Historical and future changes in air pollutants from CMIP6 models
Advanced Search
Select up to three search categories and corresponding keywords using the fields to the right. Refer to the Help section for more detailed instructions.

Search our Collections & Repository

For very narrow results

When looking for a specific result

Best used for discovery & interchangable words

Recommended to be used in conjunction with other fields



Document Data
Clear All
Clear All

For additional assistance using the Custom Query please check out our Help Page


Historical and future changes in air pollutants from CMIP6 models

Filetype[PDF-16.67 MB]

Select the Download button to view the document
This document is over 5mb in size and cannot be previewed


  • Journal Title:
    Atmospheric Chemistry and Physics
  • Personal Author:
  • NOAA Program & Office:
  • Description:
    Poor air quality is currently responsible for large impacts on human health across the world. In addition, the air pollutants ozone (O3) and particulate matter less than 2.5 µm in diameter (PM2.5) are also radiatively active in the atmosphere and can influence Earth's climate. It is important to understand the effect of air quality and climate mitigation measures over the historical period and in different future scenarios to ascertain any impacts from air pollutants on both climate and human health. The Coupled Model Intercomparison Project Phase 6 (CMIP6) presents an opportunity to analyse the change in air pollutants simulated by the current generation of climate and Earth system models that include a representation of chemistry and aerosols (particulate matter). The shared socio-economic pathways (SSPs) used within CMIP6 encompass a wide range of trajectories in precursor emissions and climate change, allowing for an improved analysis of future changes to air pollutants. Firstly, we conduct an evaluation of the available CMIP6 models against surface observations of O3 and PM2.5. CMIP6 models consistently overestimate observed surface O3 concentrations across most regions and in most seasons by up to 16 ppb, with a large diversity in simulated values over Northern Hemisphere continental regions. Conversely, observed surface PM2.5 concentrations are consistently underestimated in CMIP6 models by up to 10 µg m−3, particularly for the Northern Hemisphere winter months, with the largest model diversity near natural emission source regions. The biases in CMIP6 models when compared to observations of O3 and PM2.5 are similar to those found in previous studies. Over the historical period (1850–2014) large increases in both surface O3 and PM2.5 are simulated by the CMIP6 models across all regions, particularly over the mid to late 20th century, when anthropogenic emissions increase markedly. Large regional historical changes are simulated for both pollutants across East and South Asia with an annual mean increase of up to 40 ppb for O3 and 12 µg m−3 for PM2.5. In future scenarios containing strong air quality and climate mitigation measures (ssp126), annual mean concentrations of air pollutants are substantially reduced across all regions by up to 15 ppb for O3 and 12 µg m−3 for PM2.5. However, for scenarios that encompass weak action on mitigating climate and reducing air pollutant emissions (ssp370), annual mean increases in both surface O3 (up 10 ppb) and PM2.5 (up to 8 µg m−3) are simulated across most regions, although, for regions like North America and Europe small reductions in PM2.5 are simulated due to the regional reduction in precursor emissions in this scenario. A comparison of simulated regional changes in both surface O3 and PM2.5 from individual CMIP6 models highlights important regional differences due to the simulated interaction of aerosols, chemistry, climate and natural emission sources within models. The projection of regional air pollutant concentrations from the latest climate and Earth system models used within CMIP6 shows that the particular future trajectory of climate and air quality mitigation measures could have important consequences for regional air quality, human health and near-term climate. Differences between individual models emphasise the importance of understanding how future Earth system feedbacks influence natural emission sources, e.g. response of biogenic emissions under climate change.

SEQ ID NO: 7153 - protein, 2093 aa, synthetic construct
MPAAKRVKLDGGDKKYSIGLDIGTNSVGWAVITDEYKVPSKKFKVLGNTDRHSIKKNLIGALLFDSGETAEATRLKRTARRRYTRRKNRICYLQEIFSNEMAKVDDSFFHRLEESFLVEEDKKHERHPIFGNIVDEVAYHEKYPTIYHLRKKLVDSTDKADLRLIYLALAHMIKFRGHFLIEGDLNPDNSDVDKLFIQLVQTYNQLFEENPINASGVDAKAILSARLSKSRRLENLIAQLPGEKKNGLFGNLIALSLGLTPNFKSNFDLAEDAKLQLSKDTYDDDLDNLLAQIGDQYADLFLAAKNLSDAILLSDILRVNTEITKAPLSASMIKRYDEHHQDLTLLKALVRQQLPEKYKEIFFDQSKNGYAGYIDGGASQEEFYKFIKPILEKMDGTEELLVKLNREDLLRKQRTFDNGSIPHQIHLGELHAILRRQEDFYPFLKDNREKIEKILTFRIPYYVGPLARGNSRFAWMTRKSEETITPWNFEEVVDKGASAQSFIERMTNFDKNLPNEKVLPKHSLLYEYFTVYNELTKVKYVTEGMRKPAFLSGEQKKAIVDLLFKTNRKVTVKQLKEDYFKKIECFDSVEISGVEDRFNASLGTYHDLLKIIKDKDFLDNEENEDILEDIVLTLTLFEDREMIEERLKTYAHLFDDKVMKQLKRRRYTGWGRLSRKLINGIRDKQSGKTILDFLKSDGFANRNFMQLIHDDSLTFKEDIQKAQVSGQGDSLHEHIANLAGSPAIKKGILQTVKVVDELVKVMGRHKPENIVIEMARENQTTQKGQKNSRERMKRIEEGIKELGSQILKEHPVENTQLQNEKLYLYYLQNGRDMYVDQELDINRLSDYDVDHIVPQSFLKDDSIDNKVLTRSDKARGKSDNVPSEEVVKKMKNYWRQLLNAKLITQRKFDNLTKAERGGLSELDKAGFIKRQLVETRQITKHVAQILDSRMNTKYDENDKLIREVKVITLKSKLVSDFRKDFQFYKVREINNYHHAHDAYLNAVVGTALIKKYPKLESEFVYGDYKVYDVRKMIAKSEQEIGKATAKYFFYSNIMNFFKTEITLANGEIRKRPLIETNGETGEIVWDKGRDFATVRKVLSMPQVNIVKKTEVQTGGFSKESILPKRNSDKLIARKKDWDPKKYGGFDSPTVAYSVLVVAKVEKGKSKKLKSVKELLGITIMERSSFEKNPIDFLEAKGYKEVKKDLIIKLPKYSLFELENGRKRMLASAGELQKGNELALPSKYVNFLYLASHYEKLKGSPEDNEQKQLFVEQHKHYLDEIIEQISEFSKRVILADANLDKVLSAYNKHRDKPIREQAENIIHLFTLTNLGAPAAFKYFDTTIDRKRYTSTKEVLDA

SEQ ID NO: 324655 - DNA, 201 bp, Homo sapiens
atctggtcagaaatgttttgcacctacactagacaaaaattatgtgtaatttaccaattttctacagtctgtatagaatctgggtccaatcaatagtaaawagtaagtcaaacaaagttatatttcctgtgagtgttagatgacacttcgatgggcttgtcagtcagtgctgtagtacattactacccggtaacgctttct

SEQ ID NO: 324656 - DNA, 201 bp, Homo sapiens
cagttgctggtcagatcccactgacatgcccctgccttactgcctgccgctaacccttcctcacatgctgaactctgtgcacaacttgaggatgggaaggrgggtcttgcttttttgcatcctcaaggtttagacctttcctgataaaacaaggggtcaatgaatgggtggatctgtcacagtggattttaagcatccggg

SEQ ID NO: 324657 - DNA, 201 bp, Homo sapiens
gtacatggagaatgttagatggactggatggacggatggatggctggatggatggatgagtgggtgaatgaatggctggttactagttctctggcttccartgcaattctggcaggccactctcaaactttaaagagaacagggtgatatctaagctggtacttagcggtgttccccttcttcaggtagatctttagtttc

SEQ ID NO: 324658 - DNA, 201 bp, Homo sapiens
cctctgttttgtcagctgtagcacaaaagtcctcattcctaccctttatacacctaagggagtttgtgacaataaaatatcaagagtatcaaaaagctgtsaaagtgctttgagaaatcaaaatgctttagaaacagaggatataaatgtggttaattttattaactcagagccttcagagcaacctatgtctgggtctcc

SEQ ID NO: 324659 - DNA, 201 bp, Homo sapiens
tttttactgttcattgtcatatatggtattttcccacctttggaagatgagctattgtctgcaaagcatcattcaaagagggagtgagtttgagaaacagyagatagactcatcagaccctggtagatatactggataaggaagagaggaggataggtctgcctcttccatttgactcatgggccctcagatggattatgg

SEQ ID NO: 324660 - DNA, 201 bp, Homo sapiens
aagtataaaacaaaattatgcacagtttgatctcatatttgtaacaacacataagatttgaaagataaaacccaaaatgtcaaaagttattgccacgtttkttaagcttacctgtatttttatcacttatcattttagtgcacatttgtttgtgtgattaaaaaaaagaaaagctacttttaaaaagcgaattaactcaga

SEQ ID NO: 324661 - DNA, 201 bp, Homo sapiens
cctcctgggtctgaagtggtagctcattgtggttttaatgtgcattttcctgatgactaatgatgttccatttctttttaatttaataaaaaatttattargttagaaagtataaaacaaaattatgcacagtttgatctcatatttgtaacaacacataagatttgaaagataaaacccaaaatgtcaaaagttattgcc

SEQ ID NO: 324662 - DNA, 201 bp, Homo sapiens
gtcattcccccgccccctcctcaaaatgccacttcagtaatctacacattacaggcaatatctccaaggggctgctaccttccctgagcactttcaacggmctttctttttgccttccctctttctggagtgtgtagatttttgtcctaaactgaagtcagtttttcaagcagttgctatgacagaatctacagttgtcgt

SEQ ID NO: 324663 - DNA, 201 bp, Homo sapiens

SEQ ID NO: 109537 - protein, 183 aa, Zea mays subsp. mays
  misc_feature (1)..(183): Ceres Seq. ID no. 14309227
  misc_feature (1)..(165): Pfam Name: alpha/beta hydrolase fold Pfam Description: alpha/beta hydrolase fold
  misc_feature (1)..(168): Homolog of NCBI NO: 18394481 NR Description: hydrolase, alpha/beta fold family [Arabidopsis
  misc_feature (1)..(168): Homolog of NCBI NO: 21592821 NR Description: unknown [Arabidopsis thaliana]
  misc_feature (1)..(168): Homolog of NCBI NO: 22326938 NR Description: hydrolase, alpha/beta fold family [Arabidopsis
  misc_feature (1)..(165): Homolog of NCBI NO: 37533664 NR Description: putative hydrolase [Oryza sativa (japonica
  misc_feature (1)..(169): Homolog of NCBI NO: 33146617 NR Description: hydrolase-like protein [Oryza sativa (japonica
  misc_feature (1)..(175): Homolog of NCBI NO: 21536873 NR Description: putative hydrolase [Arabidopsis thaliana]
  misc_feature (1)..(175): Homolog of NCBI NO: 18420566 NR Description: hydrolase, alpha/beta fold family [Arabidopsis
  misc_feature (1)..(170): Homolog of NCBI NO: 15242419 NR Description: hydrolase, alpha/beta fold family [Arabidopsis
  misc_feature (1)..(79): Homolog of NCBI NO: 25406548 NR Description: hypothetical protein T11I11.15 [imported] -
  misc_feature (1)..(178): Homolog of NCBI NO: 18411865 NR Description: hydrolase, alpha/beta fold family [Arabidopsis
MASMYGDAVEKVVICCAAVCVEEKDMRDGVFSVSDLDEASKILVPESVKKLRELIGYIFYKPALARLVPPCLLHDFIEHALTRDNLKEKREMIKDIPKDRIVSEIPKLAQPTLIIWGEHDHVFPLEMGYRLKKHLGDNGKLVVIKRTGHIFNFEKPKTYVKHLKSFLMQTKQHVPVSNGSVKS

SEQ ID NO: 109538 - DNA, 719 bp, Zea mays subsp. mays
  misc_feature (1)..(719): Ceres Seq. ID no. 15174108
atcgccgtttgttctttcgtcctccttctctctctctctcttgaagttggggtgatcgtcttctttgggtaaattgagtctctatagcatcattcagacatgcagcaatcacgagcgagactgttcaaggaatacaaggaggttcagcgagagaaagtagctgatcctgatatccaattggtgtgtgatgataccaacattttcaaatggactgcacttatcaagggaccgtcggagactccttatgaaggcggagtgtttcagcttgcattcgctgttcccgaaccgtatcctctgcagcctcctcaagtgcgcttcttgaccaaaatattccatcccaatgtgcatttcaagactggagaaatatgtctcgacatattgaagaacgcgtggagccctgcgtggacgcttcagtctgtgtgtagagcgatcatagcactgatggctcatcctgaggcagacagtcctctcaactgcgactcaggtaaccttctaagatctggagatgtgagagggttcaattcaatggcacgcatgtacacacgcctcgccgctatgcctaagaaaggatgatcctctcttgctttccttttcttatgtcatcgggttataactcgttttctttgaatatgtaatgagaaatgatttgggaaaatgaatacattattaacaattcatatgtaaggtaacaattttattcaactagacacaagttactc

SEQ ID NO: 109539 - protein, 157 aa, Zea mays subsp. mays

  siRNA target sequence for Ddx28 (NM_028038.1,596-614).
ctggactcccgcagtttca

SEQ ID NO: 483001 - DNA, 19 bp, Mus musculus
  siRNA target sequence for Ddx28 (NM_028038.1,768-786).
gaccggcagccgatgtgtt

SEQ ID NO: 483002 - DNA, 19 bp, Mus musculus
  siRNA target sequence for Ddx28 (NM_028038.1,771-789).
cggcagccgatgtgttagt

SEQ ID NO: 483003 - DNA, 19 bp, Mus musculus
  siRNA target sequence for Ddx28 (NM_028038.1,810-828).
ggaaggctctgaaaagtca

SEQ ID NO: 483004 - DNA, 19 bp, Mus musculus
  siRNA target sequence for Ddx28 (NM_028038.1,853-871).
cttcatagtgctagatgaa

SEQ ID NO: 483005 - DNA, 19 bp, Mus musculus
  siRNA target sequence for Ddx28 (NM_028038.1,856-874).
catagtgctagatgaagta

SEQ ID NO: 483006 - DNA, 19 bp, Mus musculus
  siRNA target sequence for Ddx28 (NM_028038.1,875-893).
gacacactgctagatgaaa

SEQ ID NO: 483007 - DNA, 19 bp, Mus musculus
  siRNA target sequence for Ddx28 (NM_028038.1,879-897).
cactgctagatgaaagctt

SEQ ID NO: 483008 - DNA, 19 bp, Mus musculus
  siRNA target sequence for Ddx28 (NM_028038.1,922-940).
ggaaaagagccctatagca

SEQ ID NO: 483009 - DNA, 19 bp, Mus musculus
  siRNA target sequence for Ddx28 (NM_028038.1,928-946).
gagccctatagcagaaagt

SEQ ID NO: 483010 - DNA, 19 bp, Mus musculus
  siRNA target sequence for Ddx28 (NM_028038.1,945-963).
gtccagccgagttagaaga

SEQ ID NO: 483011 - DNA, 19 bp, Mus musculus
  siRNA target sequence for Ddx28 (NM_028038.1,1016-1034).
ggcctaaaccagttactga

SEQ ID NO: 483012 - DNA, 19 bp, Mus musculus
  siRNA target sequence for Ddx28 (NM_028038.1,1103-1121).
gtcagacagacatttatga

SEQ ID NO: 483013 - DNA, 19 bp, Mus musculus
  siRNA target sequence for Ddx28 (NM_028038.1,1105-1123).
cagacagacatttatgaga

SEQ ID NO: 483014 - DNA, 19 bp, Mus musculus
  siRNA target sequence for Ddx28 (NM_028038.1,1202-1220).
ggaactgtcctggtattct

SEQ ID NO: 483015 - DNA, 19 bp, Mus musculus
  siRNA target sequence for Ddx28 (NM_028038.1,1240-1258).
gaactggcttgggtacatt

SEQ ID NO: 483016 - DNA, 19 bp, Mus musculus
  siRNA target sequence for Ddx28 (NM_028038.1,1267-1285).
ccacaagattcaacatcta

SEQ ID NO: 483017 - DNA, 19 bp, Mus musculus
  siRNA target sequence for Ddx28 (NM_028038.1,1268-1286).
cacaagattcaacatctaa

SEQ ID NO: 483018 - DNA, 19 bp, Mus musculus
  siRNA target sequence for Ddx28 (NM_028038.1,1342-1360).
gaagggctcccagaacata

• Keywords:
  • Source:
    Atmos. Chem. Phys., 20, 14547–14579, 2020
  • DOI:
  • Document Type:
  • Rights Information:
    CC BY
  • Compliance:
  • Main Document Checksum:
  • Download URL:
  • File Type:

You May Also Like

Checkout today's featured content at repository.library.noaa.gov

Version 3.26.1